Andy Warhol, ‘Flowers’, 1964, Waddington's
Andy Warhol, ‘Flowers’, 1964, Waddington's
Andy Warhol, ‘Flowers’, 1964, Waddington's
Andy Warhol, ‘Flowers’, 1964, Waddington's

Printed by Total Color, New York
Published by Leo Castelli Gallery, New York for the Andy Warhol exhibition held at Leo Castelli Gallery, New York in 1964

From the Catalogue:
Warhol’s Flowers, 1964 played a pivotal role in the artist’s career, representing a shift from his traditional themes of commercialism and branding in favour of the natural world.

Four nondescript, brightly coloured flowers playfully balance the lush bed of green grass in the background. The graphic also expresses the cross section between nature and the mechanized process for which Warhol elevated the silkscreen printing method as fine art. Influenced by a photograph of hibiscus in the 1964 issue of “Modern Photography” the artist’s interest in flowers also spoke to the intersection between floral elements and fashion – an interest that still persists in both creative spheres today.
Courtesy of Waddington's

Signature: signed and dated “65” in black ink to margin

FELDMAN & SCHELLMANN, II.6

Private Collection, Montreal

About Andy Warhol

Obsessed with celebrity, consumer culture, and mechanical (re)production, Pop artist Andy Warhol created some of the most iconic images of the 20th century. As famous for his quips as for his art—he variously mused that “art is what you can get away with” and “everyone will be famous for 15 minutes”—Warhol drew widely from popular culture and everyday subject matter, creating works like his 32 Campbell's Soup Cans (1962), Brillo pad box sculptures, and portraits of Marilyn Monroe, using the medium of silk-screen printmaking to achieve his characteristic hard edges and flat areas of color. Known for his cultivation of celebrity, Factory studio (a radical social and creative melting pot), and avant-garde films like Chelsea Girls (1966), Warhol was also a mentor to artists like Keith Haring and Jean-Michel Basquiat. His Pop sensibility is now standard practice, taken up by major contemporary artists Richard Prince, Takashi Murakami, and Jeff Koons, among countless others.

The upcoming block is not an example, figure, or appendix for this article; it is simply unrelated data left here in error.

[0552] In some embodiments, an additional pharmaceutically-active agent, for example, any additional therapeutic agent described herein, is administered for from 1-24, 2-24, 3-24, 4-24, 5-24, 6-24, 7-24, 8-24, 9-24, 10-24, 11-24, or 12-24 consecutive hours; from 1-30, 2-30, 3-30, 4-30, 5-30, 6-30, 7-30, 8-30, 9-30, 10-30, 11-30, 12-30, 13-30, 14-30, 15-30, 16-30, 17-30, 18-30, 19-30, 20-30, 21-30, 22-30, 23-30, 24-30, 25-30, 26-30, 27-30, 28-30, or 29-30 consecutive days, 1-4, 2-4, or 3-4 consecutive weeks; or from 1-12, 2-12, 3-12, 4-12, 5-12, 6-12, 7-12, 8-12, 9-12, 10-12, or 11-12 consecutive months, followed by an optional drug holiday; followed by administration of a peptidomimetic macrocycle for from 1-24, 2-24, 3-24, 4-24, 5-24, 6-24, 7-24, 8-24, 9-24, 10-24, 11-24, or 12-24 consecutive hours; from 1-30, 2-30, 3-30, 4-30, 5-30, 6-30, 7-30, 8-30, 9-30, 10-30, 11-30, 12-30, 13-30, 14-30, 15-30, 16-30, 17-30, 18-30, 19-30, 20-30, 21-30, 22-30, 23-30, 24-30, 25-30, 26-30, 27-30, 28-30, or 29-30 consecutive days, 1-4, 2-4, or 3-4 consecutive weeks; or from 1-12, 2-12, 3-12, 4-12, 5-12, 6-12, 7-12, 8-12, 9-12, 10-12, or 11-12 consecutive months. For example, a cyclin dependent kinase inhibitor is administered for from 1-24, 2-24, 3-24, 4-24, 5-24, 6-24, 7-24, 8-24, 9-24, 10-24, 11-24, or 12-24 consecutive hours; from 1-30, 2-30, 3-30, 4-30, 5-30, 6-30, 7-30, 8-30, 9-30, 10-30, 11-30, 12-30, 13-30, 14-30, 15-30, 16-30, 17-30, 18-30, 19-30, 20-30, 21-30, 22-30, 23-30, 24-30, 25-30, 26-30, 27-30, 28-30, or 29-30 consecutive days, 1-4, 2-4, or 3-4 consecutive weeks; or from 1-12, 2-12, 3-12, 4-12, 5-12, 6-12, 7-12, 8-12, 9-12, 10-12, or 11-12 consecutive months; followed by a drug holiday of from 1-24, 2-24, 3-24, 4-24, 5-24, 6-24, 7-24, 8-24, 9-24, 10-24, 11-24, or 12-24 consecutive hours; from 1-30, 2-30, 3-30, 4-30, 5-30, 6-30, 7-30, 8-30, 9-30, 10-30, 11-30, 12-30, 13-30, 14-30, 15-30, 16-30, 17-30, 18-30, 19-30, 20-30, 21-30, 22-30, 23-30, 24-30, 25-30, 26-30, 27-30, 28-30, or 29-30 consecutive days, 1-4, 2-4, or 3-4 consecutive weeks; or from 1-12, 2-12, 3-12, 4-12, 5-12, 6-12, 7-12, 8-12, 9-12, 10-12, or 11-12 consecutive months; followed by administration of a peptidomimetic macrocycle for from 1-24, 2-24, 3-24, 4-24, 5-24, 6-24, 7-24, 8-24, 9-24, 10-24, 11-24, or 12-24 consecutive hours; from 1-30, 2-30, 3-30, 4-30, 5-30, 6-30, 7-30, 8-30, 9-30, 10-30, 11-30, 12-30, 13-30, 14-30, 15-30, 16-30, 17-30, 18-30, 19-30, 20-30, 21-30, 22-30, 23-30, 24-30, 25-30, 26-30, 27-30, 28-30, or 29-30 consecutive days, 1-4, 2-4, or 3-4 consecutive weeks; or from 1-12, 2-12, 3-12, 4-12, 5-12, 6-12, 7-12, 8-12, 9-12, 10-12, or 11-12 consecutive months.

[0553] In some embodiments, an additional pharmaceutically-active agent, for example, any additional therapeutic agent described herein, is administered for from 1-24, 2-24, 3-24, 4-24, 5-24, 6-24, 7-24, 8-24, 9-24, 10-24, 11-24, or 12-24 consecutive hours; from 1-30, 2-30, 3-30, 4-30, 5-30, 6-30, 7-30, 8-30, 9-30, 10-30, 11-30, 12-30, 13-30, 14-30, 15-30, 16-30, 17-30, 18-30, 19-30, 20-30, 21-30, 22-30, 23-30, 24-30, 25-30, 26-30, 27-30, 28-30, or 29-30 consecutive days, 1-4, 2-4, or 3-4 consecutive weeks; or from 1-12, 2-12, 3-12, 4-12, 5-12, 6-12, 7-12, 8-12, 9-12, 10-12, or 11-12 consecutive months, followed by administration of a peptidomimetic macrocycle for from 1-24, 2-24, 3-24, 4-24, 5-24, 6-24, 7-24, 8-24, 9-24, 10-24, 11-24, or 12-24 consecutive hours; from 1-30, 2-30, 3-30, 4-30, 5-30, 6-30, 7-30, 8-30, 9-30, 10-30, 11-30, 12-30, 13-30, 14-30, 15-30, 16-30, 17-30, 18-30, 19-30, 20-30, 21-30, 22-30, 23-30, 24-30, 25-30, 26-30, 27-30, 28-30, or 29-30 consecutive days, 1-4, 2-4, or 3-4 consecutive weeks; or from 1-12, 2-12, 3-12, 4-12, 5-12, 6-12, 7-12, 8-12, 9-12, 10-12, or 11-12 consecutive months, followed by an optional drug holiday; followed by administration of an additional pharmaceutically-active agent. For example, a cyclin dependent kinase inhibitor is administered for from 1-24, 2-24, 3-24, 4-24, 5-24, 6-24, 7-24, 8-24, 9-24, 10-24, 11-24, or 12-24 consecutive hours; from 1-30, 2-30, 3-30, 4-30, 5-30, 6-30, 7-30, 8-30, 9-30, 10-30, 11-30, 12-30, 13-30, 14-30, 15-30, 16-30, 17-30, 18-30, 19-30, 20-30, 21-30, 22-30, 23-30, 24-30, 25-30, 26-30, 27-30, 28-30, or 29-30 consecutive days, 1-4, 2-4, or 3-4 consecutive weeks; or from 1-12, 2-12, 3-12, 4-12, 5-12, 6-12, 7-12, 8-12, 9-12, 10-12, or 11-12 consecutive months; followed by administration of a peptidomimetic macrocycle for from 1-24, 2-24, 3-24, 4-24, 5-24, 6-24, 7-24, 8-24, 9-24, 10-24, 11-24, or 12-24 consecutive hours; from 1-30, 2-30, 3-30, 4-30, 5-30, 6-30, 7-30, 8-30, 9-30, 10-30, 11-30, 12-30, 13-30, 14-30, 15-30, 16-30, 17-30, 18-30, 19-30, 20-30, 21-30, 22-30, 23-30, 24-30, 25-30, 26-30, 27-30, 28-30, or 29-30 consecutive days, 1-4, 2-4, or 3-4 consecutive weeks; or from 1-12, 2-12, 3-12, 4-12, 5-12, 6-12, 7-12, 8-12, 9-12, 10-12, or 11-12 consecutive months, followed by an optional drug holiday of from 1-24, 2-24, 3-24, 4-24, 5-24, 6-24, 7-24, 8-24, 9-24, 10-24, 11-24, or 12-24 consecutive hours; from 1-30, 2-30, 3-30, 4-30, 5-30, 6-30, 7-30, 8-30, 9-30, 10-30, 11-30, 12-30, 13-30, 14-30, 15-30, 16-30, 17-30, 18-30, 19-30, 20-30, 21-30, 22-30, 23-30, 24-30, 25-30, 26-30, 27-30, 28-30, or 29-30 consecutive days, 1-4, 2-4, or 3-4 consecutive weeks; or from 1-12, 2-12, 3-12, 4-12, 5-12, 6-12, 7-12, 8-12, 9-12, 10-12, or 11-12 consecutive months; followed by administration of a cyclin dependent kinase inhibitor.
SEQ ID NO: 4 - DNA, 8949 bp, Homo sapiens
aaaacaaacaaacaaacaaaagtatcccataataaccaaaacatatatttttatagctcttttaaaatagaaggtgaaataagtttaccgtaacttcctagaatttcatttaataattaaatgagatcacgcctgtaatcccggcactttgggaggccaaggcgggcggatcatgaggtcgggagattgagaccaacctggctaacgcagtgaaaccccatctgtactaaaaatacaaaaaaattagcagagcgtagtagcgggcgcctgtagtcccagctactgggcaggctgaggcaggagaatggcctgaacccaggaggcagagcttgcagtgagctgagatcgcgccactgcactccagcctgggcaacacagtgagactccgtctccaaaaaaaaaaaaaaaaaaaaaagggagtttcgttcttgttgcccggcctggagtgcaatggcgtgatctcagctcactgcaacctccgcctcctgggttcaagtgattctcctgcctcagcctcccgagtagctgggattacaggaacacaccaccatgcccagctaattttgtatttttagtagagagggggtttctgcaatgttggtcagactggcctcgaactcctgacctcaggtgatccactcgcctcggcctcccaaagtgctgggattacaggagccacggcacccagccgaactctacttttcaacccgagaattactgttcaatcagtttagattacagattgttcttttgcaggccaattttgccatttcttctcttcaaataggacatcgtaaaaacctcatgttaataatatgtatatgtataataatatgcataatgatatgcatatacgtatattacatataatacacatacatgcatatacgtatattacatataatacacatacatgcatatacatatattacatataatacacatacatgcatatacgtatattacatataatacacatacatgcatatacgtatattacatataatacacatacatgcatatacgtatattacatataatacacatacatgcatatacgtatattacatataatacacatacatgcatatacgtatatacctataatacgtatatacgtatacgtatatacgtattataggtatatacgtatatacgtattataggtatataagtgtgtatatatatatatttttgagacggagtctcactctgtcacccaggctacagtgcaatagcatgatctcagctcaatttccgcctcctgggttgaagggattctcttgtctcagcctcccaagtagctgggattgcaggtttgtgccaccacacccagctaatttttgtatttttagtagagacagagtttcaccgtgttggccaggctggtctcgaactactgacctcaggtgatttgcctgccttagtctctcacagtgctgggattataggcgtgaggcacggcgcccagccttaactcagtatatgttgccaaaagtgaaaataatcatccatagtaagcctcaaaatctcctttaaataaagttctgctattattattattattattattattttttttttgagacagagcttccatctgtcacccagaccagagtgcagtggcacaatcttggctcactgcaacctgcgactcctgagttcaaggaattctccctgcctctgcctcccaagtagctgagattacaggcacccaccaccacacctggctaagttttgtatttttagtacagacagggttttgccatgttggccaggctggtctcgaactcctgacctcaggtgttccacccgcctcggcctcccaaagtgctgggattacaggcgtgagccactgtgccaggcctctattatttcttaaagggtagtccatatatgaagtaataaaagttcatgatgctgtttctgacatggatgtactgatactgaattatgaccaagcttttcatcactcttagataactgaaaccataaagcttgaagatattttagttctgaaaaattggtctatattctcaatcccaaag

American, 1928-1987, Pittsburgh, Pennsylvania, based in New York, New York